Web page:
Finding Your Thing

thing (n): a unique quality pertaining to an individual which often personifies who they are.

Everybody’s got a thing. Our thing helps to define us and is how we tend to see ourselves. You might see it in a person’s bio: Lindsay Bednar- mom, wife, sister, movie quoter, frequently loses things, hella good free-style rapper.

As I’m quickly approaching middle-age (gulp), my friends and I have been having more discussions about what is our thing. Perhaps it is the early onset of a mid-life crisis… but realizing you are almost half done with your life and contemplating what your legacy is going to be is overwhelming to say the least. We reassure each other that raising kind and smart children who will grow up to help make the world a better place is reason enough to be proud, but all of us still reach for our own ‘thing.’

Growing up with two older sisters who were successful at basically everything, I often found it difficult to find my thing. I’ve honestly never felt competitive with them and couldn’t be more happy for their successes. My parents were pretty amazing about not comparing us to one another, and as we’ve gotten older, I feel more like a proud parent with my sisters than anything. However, the rest of the world tends to compare siblings. We’re all guilty of it, and I don’t believe it is with malintent nor do we even realize when we are doing it. I’ve been asked on multiple occasions ‘how come you don’t run like your sisters?’ It’s a fair enough question. We have similar interests and share most of the same genes… I suppose I always figured if they have a particular thing cornered, that’s their thing, and I wanted to find my own. And when your sister runs a marathon in under 3 hrs and 19 mins, you figure that running is most definitely her thing.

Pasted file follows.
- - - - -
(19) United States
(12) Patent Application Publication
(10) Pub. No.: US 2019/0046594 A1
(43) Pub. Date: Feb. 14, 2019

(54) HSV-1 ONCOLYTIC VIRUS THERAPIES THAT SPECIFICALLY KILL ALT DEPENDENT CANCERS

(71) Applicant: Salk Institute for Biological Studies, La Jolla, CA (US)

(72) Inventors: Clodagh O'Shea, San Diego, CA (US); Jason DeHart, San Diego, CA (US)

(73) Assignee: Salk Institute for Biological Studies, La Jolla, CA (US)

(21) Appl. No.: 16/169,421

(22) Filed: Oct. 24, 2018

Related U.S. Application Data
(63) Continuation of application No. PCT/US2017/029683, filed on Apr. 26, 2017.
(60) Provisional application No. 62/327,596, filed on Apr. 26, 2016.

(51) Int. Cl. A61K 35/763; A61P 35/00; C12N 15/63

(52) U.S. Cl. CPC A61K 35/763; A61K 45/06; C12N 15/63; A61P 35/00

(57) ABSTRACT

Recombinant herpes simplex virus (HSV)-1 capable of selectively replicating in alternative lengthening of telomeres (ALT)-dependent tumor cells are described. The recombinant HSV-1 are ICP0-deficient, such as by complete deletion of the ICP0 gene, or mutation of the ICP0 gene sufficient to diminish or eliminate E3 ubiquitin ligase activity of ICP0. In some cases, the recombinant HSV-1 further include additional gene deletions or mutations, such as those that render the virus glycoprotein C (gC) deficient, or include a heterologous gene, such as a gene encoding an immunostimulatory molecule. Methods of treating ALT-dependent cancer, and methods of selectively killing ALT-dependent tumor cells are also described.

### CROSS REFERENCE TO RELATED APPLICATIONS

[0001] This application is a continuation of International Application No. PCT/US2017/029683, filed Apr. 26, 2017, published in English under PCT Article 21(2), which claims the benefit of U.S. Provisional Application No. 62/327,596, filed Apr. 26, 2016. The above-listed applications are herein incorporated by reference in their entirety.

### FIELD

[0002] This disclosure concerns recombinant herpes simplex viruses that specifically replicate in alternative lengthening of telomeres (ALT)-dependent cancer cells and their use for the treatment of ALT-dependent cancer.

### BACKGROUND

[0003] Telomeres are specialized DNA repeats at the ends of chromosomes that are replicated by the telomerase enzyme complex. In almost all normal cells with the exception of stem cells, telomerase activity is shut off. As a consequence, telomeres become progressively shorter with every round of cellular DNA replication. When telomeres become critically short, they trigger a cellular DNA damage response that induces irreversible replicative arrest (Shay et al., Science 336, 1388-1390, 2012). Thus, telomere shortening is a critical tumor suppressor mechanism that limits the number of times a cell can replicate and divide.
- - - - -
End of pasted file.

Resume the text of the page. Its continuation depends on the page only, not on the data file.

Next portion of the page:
I spent most of my adolescence significantly overweight. So my thing for the longest time was that I was the funny fat friend. I was good at that. I was the good listener, the third wheel, and the safe confidant. There’s a lot of good there. People open up to you so much when they don’t feel threatened by you. I always loved that. I loved how many deep connections I had with guys and girls who weren’t afraid to be vulnerable with me. But at a certain point I was tired of sitting on the sidelines and decided to change. What I wasn’t prepared for is that my ‘thing’ was going to change too. If I wasn’t the funny fat friend, who was I? Going through that in the midst of high school thwarted me into a short stint of depression. It was like the weight I was hiding behind was shed and I felt exposed and scared and wasn’t quite sure who I was. Not exactly the empowering weight shedding experience you imagine, but I was young and still figuring out who I was. Slowly I began to feel comfortable in my new skin and found new things that people would associate with me. And I realized just because I lost the fat didn’t mean I had to lose the funny. (ba dum ching)